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Providing diabetes care and support to students in higher education

Gil Ramsden
, Charlotte Flatley
, Carolyn Mitchell
, Linda Clapham

Students with diabetes face many challenges when starting university. Many continue to attend a secondary care clinic in their home town, where they are known to the team, rather than being referred to a hospital clinic near the university. This can present unique challenges for a university medical practice, which is expected to provide care to a large number of young people with diabetes, most of whom have type 1 diabetes. This article describes a diabetes website, clinic and group education sessions for students with diabetes attending the Leeds Student Medical Practice. The aim was to improve and coordinate diabetes care for the students by working with their current diabetes care providers.

Providing support and care to university students with diabetes can be challenging. Arrival at university is a time of ‘firsts’ for all students: it is often the first time they have lived away from home, and the first time they have fully managed their own diet and nutrition, as well as their own finances and time. All of these add to the number of decisions that students with diabetes need to make in order to manage their diabetes successfully, which they may be doing for themselves, for the first time.

The Leeds Student Medical Practice
The Leeds Student Medical Practice is an inner-city GP practice serving particularly, but not exclusively, the needs of students attending the colleges and universities in the Leeds area. There are approximately 35500 people on the practice list; their ages range from 0 to 70 years, although the majority are under 30. Ninety-four different nationalities are represented on the list. Within the practice population, 83 have type 1 diabetes and 12 have type 2 diabetes.

In April 2005 it was agreed that a diabetes register and diabetes clinic would be set up at the practice. In addition it was recognised that there was a need to provide information on diabetes on the practice website as a resource that all] students with diabetes could access (www.leedsstudentmedicalpractice.co.uk). Several factors contributed to moving this service initiative forward:

  • The nursing manager was keen to develop the nursing roles within the practice.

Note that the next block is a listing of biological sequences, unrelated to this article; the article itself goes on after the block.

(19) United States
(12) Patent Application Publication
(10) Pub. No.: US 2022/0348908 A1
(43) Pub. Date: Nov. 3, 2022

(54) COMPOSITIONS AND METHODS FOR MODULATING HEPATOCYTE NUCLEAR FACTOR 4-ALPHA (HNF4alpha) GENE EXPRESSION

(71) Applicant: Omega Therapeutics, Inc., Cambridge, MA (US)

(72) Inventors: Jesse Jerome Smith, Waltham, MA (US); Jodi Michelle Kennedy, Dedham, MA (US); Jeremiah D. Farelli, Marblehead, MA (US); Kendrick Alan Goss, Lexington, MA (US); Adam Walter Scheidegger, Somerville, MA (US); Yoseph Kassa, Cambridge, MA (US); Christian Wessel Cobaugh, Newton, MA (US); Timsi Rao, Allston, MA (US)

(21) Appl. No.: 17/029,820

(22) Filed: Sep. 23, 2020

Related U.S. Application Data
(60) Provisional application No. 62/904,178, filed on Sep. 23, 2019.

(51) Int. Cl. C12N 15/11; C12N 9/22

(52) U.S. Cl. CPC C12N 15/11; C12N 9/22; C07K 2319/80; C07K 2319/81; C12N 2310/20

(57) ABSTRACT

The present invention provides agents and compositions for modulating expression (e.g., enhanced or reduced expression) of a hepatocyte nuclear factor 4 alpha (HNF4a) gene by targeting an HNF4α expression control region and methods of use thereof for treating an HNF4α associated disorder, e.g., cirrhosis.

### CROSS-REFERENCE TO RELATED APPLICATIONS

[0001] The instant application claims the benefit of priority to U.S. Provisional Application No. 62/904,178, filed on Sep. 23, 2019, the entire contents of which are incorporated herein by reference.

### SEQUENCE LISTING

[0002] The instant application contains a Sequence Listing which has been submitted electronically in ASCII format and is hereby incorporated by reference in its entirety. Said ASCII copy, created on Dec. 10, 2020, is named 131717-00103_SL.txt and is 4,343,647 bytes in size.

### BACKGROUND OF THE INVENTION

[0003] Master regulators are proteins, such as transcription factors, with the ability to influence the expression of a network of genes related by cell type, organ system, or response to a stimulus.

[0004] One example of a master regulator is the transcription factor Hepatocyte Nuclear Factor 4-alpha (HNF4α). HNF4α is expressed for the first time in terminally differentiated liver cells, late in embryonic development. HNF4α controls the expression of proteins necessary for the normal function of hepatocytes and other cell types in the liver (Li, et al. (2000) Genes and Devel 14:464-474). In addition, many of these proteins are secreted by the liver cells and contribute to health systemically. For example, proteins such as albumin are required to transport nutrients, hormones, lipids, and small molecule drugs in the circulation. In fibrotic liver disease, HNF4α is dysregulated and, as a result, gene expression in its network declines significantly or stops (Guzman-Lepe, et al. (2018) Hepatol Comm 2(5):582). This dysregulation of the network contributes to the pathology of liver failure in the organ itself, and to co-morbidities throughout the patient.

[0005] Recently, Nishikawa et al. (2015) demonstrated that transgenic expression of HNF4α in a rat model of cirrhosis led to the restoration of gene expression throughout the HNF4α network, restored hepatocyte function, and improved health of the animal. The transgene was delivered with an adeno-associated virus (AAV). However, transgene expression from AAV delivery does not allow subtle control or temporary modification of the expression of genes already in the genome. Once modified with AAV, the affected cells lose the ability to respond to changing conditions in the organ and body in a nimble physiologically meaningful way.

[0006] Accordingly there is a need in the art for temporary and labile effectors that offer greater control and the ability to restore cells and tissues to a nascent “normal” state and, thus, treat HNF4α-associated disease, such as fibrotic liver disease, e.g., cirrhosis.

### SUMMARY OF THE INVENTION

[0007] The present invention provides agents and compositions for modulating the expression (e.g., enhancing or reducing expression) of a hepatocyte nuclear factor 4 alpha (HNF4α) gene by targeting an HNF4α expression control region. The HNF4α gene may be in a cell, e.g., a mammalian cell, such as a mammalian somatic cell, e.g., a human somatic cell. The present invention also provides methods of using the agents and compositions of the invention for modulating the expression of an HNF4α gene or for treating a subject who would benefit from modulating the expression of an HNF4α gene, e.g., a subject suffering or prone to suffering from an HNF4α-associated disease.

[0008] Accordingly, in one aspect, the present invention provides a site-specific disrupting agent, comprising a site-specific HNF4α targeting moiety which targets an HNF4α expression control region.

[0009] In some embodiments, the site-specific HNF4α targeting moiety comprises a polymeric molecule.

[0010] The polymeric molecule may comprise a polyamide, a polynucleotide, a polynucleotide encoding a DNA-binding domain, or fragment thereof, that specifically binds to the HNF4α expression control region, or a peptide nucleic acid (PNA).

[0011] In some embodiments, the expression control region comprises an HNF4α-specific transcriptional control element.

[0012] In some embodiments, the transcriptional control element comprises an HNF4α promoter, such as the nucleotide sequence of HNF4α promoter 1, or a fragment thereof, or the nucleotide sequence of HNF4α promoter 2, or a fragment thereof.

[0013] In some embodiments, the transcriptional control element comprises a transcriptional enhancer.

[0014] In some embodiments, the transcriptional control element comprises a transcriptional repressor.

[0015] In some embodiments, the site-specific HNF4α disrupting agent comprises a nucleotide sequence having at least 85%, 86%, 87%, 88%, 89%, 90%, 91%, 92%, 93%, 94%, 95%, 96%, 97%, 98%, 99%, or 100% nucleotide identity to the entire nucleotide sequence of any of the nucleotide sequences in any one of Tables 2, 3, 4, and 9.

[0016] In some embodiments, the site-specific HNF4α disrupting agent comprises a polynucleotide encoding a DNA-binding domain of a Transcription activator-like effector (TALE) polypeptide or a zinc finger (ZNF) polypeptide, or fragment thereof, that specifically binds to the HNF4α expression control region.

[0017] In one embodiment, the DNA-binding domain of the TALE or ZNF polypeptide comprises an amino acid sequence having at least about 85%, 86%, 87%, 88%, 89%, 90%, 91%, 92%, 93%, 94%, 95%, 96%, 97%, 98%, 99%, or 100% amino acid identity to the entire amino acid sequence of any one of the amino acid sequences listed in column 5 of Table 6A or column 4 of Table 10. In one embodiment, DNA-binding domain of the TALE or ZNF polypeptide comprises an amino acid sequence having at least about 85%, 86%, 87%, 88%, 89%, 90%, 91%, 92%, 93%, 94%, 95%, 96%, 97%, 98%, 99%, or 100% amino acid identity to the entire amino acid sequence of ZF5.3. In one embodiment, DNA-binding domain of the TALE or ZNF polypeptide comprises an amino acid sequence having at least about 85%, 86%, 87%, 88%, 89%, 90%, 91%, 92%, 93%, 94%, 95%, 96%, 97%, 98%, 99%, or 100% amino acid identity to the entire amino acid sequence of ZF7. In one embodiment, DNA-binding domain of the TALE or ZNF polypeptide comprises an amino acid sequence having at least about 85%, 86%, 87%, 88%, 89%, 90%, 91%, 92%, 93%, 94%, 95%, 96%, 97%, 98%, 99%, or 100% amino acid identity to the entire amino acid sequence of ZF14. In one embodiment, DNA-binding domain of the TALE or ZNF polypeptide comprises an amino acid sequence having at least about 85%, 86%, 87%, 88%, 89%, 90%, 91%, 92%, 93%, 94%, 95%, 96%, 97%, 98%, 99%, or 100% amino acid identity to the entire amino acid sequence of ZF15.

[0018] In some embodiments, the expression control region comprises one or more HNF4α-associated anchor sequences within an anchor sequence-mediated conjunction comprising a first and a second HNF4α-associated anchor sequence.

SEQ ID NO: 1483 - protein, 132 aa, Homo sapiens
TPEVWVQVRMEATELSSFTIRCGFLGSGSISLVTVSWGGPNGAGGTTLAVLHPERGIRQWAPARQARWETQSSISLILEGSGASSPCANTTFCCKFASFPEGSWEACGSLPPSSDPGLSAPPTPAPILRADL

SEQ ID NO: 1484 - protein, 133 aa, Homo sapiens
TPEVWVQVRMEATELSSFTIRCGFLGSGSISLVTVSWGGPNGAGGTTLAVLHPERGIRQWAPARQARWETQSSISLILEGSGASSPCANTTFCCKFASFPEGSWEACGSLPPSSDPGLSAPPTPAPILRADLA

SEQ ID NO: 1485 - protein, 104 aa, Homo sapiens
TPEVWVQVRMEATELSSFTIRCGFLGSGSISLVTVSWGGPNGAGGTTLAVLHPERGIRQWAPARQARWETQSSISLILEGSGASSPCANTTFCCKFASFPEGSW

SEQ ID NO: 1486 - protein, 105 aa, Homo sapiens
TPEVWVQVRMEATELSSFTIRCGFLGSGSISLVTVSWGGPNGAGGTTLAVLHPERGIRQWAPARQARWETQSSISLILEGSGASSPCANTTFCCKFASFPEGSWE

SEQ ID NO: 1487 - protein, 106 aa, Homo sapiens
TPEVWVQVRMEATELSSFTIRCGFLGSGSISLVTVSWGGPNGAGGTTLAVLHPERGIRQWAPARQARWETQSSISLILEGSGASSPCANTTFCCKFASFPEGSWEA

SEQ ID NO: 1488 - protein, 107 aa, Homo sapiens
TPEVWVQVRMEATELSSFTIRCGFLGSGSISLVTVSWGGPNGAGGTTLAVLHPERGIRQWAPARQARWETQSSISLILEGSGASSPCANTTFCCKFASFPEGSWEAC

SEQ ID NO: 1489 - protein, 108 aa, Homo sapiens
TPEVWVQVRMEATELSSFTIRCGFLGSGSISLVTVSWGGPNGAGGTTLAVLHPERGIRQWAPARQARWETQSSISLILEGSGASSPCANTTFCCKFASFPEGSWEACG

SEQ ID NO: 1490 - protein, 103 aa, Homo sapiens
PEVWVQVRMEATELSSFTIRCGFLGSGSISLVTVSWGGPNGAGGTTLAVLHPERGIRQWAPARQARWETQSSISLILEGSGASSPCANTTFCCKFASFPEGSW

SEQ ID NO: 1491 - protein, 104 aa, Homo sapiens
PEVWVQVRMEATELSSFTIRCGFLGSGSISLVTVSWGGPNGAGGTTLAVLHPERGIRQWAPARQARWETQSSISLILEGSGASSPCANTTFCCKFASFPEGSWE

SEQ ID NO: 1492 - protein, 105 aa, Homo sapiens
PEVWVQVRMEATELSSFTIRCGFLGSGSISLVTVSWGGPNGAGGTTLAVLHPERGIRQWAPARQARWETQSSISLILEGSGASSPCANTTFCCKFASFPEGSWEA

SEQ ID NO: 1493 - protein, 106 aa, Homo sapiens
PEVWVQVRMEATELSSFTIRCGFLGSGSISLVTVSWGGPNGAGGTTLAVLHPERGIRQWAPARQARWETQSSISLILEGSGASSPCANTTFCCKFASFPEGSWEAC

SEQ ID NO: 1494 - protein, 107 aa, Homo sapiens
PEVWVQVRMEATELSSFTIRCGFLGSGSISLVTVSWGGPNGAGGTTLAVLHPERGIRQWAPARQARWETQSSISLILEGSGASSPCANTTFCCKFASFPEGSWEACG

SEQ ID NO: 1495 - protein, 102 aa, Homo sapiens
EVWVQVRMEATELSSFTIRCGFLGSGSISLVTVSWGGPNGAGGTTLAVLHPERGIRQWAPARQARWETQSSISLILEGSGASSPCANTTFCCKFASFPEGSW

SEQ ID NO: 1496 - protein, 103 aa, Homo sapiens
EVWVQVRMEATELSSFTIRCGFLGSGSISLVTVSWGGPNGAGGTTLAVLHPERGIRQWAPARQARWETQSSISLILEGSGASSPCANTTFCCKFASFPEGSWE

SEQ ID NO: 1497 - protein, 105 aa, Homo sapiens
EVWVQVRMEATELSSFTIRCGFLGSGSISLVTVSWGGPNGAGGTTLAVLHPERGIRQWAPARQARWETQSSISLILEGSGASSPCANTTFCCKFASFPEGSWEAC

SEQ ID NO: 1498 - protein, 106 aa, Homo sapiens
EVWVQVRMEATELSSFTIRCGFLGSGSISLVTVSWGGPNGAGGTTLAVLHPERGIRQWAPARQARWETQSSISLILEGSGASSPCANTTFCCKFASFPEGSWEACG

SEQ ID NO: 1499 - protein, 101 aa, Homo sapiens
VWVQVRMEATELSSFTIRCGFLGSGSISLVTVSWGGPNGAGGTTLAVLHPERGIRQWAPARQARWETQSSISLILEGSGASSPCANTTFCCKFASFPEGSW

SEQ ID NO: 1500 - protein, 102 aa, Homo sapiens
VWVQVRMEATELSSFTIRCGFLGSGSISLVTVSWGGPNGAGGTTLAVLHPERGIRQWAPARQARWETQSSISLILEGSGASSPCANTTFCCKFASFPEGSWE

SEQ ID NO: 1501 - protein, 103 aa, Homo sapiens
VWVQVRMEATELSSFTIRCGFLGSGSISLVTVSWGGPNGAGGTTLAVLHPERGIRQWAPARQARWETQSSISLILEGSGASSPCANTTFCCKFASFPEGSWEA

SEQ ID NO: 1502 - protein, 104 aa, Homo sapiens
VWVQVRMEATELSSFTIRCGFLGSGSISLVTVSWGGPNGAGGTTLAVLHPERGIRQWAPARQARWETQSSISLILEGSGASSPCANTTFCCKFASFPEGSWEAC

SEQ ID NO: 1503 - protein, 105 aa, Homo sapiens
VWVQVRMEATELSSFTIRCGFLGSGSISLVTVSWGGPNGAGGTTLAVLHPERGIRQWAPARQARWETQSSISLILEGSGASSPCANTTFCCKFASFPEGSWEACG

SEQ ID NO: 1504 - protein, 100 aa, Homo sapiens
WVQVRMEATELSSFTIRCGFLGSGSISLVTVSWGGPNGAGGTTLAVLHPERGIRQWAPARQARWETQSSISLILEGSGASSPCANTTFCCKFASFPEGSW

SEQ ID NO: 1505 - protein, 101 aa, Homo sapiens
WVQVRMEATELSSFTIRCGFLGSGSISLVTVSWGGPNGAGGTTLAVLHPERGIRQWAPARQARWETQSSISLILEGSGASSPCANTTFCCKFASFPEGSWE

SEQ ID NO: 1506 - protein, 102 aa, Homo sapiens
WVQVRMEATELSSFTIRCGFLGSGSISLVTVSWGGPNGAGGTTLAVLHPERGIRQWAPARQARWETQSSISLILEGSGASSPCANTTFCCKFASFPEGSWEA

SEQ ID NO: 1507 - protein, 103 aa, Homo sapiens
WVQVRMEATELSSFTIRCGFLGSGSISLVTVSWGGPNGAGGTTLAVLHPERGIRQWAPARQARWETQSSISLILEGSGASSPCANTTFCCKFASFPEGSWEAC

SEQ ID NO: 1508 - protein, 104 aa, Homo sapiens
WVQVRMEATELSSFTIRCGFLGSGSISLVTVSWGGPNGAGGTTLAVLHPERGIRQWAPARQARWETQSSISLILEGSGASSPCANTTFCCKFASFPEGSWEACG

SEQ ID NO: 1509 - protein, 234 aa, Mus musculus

• The presence of a practice nurse and other members of the team with an interest in diabetes.
  • The publication of several Department of Health (DoH) documents: the National Service Framework for Diabetes: Standards (DoH, 2001), Agenda for Change (DoH, 2004) and Our Health, Our Care, Our Say: A new direction for community services (DoH, 2006) and – perhaps more pertinent to the timing – the introduction of the nGMS contract.

A diabetes support team was formed, and consisted of a practice nurse, a GP, a healthcare assistant (HCA) and a receptionist who provided administrative support.

A DSN and a dietitian had recently been employed by Leeds Primary Care Trust to support practices in the development of these clinics. These health professionals provided direct support by running clinics and group education sessions, and helped to develop the skills and knowledge of staff involved in the clinics, as well as the protocols and systems needed to run the clinics effectively.

The aim of the diabetes clinic, as described on the website, is to:

“…provide a service which is based on your individual needs, and have direct access to other health professionals (such as a diabetes specialist nurse, podiatrist and dietitian). We want to ensure that your care is delivered as competently, consistently and concisely as possible by working with your current diabetes care providers.”

The website
One aim of the diabetes section of the website is to advise prospective students of the service we provide. The web pages contain information on how to register with the practice, and how students can share information about their current clinical care, which can reduce repetition of tests and investigations and promotes seamless care. Forms can be downloaded and personal information completed prior to registering with us, giving details of students’ current diabetes care provider, most recent blood tests or investigations and current insulin requirements. This information can be freeposted back to the practice or brought to the initial appointment so that relevant information is promptly accessible early in the registration period.

The website also contains information developed by the team on: 

  • Hypoglycaemia and hyperglycaemia.
  • Sick day rules.
  • The implications of illicit drug taking and alcohol consumption for students with diabetes – an issue facing many students, especially when they first arrive at university.

Links were inserted to many other informative sites that provide diabetes advice. Some of which are especially relevant to the student, for example, travel advice, contraception and pre-conceptual advice. 

The website is constantly evolving and has already received favourable reports from students and other health professionals, who have accessed it and found the information clear and informative.

Plans are being made to formally audit the value of the website by asking those students who have accessed it to complete a questionnaire designed to elicit their views and opinions.

Establishing the diabetes clinic
Team meetings were held to develop a pathway of care and a patient journey, and establish individual roles and responsibilities within the clinic.

Clinics are held weekly by the practice team, with the DSN and dietitian attending one session each month.

The students with diabetes identified on the practice register were sent a letter inviting them to attend the clinic. Initially, however, the response to sending out the letter alone was very slow, so it was decided that in addition to the letter the receptionist would phone the students to encourage them to attend the clinic. This has proved very successful, especially in conjunction with sending text messages to students’ mobile phones reminding them of their clinic appointments a few days before the appointment. ‘Text messaging appointment reminders’ is a service innovation that has been praised by the Department of Health (2006). It has had the effect of reducing the high ‘Did not attend’ (DNA) rate, which students are renowned for (Centre for Innovation in Primary Care, 1999).